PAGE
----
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S/S Bergensfjord of the Norwegian America Line

Description and pictures of the legendary Norwegian passenger liner

We are working on the documentation of this legendary ship. We are looking for pictures, descriptions and accounts from life on board the ship. If you think you can contribute please contact webmaster@norwayheritage.com

The Bergensfjord was the second ship built for the Norwegian America Line's passengers service between Norway and America. The first ship, the Kristianiafjord launched in 1912 and the Bergensfjord launched in 1913 were sister-ships. The Kristianafjord was short lived, as on June 28 1917 she was wrecked and lost in a storm. The Bergensfjord however, stayed in the transatlantic service for the N.A.L. till 1940. During her service she brought thousands of emigrants and travelers back and forth across the Atlantic. In the summer season she was also used for tourist cruises along the Norwegian coast. The steamers were considered modern and efficiently equipped for the utmost safety and comfort of passengers. To insure steadiness in rough weather the ships were equipped with bilge keels. They were heated and ventilated by the thermo-tank system and electric lights were fitted throughout. They also had the Marconi system of wireless telegraphy.

Four berth stateroom on the S/S Bergensfjord

3rd class accommodations (steerage)

The staterooms for the 3rd class passengers were located on the Upper Main Deck and on the Main Deck, and provided accommodations for 860 passengers in staterooms arranged for 2, 4 and 6 persons. The berths of galvanized iron (Hoskin's System) are furnished with mattresses, pillows, sheets and blankets. The staterooms were also fitted with wash-basins, mirrors etc., as can bee seen on the picture. The 3rd class cabins were located at the abaft and forward parts of the ship, and were connected to commodious sitting rooms and smoke rooms. The large, airy dining saloons located on the Upper Main Deck had seating accommodations for 354 passengers. Well-prepared meals were served by the ship's stewards, and every provision was made for the comfort of the passengers.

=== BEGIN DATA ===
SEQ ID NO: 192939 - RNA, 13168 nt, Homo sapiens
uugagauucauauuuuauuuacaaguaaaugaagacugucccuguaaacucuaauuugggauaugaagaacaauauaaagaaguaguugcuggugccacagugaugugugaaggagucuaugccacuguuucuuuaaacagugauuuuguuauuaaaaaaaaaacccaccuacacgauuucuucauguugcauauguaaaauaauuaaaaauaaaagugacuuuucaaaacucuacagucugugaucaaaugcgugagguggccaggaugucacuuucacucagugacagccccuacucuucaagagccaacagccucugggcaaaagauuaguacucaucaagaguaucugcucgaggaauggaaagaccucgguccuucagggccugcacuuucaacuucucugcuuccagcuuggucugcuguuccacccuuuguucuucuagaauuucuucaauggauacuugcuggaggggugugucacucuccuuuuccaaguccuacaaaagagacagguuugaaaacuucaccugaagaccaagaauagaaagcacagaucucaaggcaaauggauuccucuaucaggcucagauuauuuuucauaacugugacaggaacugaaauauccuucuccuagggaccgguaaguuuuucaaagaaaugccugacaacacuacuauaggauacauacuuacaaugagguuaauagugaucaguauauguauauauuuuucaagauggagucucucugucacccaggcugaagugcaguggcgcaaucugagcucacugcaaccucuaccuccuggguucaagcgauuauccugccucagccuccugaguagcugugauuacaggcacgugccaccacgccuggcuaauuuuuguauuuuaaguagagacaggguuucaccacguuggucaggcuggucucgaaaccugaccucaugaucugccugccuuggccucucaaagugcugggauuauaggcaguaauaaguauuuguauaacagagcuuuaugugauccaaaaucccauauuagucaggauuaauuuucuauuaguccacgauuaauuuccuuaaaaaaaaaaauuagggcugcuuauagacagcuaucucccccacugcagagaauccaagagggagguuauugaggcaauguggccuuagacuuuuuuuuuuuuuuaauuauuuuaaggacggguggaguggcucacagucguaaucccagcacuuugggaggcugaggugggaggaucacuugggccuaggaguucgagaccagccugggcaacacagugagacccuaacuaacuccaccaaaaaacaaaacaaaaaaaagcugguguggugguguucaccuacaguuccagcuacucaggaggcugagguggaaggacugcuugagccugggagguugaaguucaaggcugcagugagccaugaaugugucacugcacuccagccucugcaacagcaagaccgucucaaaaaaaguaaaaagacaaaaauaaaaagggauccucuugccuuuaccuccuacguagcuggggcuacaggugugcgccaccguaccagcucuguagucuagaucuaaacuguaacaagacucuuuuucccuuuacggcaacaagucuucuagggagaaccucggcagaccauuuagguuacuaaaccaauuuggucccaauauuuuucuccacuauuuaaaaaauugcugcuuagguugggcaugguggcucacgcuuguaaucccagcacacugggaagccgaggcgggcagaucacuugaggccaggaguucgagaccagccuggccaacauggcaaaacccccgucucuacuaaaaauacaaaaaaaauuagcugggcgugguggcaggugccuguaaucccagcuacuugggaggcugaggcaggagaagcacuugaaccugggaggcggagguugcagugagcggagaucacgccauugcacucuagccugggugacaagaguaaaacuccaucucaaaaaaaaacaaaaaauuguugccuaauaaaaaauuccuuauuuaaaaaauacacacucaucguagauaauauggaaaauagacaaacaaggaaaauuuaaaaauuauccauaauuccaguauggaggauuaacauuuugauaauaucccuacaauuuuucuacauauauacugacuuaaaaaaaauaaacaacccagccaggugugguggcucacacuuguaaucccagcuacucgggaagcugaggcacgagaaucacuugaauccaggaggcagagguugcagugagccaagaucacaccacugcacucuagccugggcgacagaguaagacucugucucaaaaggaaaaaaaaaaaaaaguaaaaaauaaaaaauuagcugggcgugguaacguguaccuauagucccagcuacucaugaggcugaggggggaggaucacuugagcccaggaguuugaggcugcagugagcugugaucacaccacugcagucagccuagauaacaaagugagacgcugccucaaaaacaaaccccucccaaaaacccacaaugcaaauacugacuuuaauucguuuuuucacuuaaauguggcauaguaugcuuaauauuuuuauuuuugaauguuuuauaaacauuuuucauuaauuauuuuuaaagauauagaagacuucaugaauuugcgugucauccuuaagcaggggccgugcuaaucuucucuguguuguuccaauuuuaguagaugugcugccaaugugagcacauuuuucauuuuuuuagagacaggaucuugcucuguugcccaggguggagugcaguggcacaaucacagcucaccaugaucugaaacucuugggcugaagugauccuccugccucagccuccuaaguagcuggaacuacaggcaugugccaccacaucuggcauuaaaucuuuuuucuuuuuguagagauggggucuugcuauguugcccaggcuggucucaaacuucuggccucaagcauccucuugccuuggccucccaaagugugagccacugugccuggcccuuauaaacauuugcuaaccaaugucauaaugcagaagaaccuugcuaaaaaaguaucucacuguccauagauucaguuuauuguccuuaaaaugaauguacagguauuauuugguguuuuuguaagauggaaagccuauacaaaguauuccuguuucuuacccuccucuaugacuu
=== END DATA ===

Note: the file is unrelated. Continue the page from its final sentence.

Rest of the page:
2nd class accommodations

The Second Class state rooms, were located on the Shelter Deck amidships. They were all well ventilated and neatly furnished, and rooms could be secured for two or four persons. The Second Class Dining Saloon was located on the Shelter Deck aft, and was furnished in polished birch, and highly decorated with seats for 120 passengers. The 2nd class Music Room and Smoke Room were located on the Promenade Deck.

1st class accommodations

The First Class staterooms, with all modern improvements, were all outside and located amidships on the Promenade Deck, accommodating 100 passengers. Two sumptuously furnished Cabins de Luxe en-Suite were located on the Upper Promenade Deck, each comprising an exceptionally large sitting room, bedroom, private bath and toilet, assuring the maximum of comfort and luxury. The First Class Dining Saloon, well ventilated and extending the entire width of the vessel, was furnished with small tables, and all first class passengers dined at one sitting. The decorations were tastefully carried out in white and gold with panels of Norwegian scenery. The handsomely appointed Lounge, Music Room, Reading and Writing Rooms were located on the Promenade Deck. The Smoking Room on the Upper Promenade Deck, finished in Australian oak, was arranged in cozy alcoves and adjoining the Smoke Room was the popular Veranda Café. The spacious Promenade Decks afforded opportunity for participating in open-air recreation and deck games.

Bergensfjord (1) deck-plan, main deck, abaft, showing 3rd class (steerage) accommodation

Deck-plan: Main deck, forward, showing 3rd class (steerage) accommodation on the S/S Bergensfjord (1)

Deck-plan: upper main deck, abaft, showing 3rd class (steerage) accommodation on the S/S Bergensfjord (1)

Deck-plan: Upper main deck, forward, showing 3rd class (steerage) accommodation on the S/S Bergensfjord (1)


Other Related Articles :

The Transatlantic Crossing:

emigrants departure
This is the story about how the majority of emigrants going to America would travel. It also gives some insight to the amazing development in how ships were constructed and the transportation arranged
    1:   Early Norwegian Emigrants
    2:   Steerage - Between Decks
    3:   By sail - daily life
    4:   Children of the ocean
    5:   Sailing ship provisions
    6:   Health and sickness
    7:   From sail to steam
    8:   By steamship across the ocean
    9:   The giant express steamers

Hunting Passenger Lists:

emigration contract
An article describing how, and where, to look for passenger information about Norwegian emigrants
    1:   Emigration Records - Sources - Timeline
    2:   Canadian Records (1865-1935)
    3:   Canadian Immigration Records Database
    4:   US arrivals - Customs Passenger Lists
    5:   Port of New York Passenger Records
    6:   Norwegian Emigration Records
    7:   British outbound passenger lists
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